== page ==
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Emma Bowman

Before Lori Alhadeff ran for a seat on her local school board, she had no experience in politics. She didn't even consider herself a "political person," she says.

That changed when her daughter, Alyssa Alhadeff, died in the Parkland school shooting. In February, a former student killed 14-year-old Alyssa and 16 other people at Marjory Stoneman Douglas High School.

Updated at 1:00 p.m. ET Sunday

Sen. John McCain died Saturday, a day after his office announced his decision to discontinue medical treatment for brain cancer. Before his death, McCain's wife Cindy said in a tweet that the McCain family was "overwhelmed by the outpouring of love and support from around the world."

That outpouring swelled after the news of his death broke on Saturday.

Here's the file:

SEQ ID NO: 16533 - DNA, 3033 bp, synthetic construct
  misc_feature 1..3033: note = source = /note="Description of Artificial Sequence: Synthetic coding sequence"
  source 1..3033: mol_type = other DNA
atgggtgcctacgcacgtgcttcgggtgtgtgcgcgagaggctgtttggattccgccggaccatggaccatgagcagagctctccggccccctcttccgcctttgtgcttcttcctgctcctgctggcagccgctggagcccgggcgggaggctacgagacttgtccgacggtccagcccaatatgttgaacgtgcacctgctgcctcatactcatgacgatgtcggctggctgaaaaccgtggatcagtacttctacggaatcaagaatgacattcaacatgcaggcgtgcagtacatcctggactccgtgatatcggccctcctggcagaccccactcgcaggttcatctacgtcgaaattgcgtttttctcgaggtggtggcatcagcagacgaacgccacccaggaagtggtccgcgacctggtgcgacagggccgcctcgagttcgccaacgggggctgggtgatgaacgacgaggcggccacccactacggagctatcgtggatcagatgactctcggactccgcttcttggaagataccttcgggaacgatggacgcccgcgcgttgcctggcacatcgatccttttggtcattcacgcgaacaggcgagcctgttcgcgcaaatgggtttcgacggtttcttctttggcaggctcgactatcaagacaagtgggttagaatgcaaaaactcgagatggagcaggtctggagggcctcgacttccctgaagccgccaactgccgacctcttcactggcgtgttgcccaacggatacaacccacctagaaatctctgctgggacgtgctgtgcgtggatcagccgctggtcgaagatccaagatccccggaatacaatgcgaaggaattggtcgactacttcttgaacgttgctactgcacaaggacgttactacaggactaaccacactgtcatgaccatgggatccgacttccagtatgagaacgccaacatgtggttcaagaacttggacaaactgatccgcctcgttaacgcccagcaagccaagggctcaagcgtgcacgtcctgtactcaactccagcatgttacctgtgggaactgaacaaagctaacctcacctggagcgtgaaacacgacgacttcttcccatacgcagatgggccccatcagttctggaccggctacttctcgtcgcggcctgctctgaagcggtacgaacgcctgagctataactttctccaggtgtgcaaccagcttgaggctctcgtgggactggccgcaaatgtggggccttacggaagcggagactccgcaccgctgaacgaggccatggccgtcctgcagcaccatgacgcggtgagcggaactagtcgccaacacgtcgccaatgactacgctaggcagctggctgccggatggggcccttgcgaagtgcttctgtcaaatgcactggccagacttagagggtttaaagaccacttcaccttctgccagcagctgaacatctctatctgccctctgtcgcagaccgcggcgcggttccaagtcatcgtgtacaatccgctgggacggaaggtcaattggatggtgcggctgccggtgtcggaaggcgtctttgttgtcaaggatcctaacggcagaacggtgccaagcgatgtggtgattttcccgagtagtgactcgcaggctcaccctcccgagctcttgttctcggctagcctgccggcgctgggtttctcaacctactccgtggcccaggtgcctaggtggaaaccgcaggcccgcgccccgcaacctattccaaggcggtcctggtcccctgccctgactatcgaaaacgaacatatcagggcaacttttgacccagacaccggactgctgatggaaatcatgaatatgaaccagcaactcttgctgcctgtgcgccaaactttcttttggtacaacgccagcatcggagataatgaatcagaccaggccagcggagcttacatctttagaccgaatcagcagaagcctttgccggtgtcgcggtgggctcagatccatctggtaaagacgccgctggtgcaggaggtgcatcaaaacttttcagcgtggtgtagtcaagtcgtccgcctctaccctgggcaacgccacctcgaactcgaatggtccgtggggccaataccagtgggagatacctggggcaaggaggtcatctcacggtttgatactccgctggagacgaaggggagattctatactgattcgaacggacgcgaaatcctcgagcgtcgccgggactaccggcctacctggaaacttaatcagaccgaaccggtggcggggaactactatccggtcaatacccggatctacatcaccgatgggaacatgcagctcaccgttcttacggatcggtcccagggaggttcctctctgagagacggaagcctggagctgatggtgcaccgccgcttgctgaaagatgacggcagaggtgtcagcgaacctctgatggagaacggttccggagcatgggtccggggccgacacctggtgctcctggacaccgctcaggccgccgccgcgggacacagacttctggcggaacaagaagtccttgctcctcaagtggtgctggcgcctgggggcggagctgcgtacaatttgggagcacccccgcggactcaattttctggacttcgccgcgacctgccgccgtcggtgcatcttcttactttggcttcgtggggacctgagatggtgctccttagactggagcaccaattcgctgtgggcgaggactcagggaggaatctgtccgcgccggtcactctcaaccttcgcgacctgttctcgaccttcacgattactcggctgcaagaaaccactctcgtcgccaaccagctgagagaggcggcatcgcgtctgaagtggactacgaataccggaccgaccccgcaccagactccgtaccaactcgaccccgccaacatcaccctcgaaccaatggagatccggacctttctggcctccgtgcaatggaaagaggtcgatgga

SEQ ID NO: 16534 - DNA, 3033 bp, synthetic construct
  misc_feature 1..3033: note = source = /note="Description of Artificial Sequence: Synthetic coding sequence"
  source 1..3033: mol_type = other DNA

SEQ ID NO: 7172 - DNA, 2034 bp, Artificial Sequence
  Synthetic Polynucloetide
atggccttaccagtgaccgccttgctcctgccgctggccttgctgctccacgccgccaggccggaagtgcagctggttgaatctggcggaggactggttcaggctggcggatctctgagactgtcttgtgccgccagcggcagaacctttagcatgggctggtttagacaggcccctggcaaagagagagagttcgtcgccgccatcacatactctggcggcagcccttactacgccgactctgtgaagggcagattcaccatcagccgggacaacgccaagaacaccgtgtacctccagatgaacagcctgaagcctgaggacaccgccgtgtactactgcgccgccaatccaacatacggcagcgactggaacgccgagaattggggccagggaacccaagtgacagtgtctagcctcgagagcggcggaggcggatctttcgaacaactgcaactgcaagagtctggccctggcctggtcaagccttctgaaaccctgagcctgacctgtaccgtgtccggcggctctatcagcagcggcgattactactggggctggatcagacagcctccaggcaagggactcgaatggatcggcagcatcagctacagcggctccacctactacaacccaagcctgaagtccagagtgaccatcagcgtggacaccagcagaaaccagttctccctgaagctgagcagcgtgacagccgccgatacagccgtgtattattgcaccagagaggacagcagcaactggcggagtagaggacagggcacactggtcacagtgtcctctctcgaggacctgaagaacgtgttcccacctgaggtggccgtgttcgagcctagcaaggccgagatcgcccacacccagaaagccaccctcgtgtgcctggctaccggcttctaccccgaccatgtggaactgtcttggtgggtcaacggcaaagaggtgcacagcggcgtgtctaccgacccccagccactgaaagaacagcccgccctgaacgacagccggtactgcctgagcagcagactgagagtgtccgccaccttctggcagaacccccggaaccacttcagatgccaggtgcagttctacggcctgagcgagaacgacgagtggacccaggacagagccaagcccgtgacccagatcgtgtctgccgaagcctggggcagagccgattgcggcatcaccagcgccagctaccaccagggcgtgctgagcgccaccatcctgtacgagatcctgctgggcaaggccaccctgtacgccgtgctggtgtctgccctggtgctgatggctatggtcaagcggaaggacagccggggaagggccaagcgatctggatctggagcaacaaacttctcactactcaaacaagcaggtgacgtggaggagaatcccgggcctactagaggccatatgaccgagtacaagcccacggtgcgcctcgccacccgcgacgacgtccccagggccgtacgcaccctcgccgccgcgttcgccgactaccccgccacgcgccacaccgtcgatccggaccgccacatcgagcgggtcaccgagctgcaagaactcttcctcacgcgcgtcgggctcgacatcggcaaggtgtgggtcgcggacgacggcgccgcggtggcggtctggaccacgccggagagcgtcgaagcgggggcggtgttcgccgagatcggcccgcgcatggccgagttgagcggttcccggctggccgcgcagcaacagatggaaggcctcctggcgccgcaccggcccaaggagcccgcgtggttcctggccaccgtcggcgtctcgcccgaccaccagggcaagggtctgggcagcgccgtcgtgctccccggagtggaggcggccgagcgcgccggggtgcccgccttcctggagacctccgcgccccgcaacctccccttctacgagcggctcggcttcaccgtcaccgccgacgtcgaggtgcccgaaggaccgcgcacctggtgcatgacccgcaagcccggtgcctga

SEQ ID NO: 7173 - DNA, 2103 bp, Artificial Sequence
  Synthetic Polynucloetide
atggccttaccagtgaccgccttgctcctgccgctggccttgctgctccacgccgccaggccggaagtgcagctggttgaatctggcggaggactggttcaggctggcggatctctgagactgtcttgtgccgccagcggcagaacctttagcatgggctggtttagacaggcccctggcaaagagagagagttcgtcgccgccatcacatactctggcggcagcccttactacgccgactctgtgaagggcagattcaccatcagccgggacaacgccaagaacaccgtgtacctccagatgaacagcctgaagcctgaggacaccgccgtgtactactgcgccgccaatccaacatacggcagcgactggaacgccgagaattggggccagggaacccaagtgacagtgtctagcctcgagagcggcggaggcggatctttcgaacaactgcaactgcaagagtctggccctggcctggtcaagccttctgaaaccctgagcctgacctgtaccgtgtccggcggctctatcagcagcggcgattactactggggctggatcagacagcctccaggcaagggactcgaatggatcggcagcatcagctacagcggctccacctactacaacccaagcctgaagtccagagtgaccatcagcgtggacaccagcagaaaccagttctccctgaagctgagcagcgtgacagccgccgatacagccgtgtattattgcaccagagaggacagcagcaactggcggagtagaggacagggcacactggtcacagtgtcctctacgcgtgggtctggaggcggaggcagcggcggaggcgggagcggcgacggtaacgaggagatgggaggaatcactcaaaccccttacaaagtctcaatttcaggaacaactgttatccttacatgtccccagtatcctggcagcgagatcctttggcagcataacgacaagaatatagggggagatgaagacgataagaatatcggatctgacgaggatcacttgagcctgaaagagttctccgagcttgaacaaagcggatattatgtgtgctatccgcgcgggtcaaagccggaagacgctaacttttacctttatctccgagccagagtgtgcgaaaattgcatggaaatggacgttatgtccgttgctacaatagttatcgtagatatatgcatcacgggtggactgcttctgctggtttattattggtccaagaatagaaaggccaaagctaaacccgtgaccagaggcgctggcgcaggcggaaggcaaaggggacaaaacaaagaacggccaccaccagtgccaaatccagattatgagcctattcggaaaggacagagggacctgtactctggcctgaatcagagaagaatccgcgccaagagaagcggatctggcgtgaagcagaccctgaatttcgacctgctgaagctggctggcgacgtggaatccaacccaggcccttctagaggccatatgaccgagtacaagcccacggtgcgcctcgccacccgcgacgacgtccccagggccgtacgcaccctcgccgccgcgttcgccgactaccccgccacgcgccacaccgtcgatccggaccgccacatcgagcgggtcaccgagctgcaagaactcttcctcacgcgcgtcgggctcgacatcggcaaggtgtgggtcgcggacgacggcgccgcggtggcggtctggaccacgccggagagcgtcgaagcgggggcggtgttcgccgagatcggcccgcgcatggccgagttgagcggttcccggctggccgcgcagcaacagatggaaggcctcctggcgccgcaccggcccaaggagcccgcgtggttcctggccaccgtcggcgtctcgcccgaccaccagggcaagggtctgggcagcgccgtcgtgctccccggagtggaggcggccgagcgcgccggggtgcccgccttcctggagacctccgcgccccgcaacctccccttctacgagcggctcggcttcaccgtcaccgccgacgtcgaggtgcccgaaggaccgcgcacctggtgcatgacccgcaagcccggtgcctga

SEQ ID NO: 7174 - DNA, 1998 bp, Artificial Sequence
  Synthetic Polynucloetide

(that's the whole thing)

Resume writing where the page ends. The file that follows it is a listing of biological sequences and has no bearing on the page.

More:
Jimmy Fallon made a surprise visit at Marjory Stoneman Douglas High School's graduation ceremony on Sunday, nearly four months after the students survived a shooting that killed 17 of their classmates and teachers.

A new exhibit that opens Monday at the United States Holocaust Memorial Museum aims to honor a founding mission.

Five years in the making, "Americans and the Holocaust" contextualizes attitudes in the U.S. during 1930s and '40s persecution and mass murder of Jews in Europe.

Twenty-five years ago, when the building opened, noted Holocaust survivor Elie Wiesel introduced the museum not as an answer to the horrors of genocide but to pose a glaring question: How could this happen?

Brothers Russell, 28, and Remmick Wadsworth, 27, have autism. As kids, they had trouble with social interactions, so they often relied on each other for support during tough situations. Now, as the siblings navigate the working world, they're still looking out for each other.

Remmick remembers his first job, working with his older brother in a coffee shop. "You would always have my back, talking to customers for me, handle them for me while I make their drinks," he tells Russell during a StoryCorps conversation.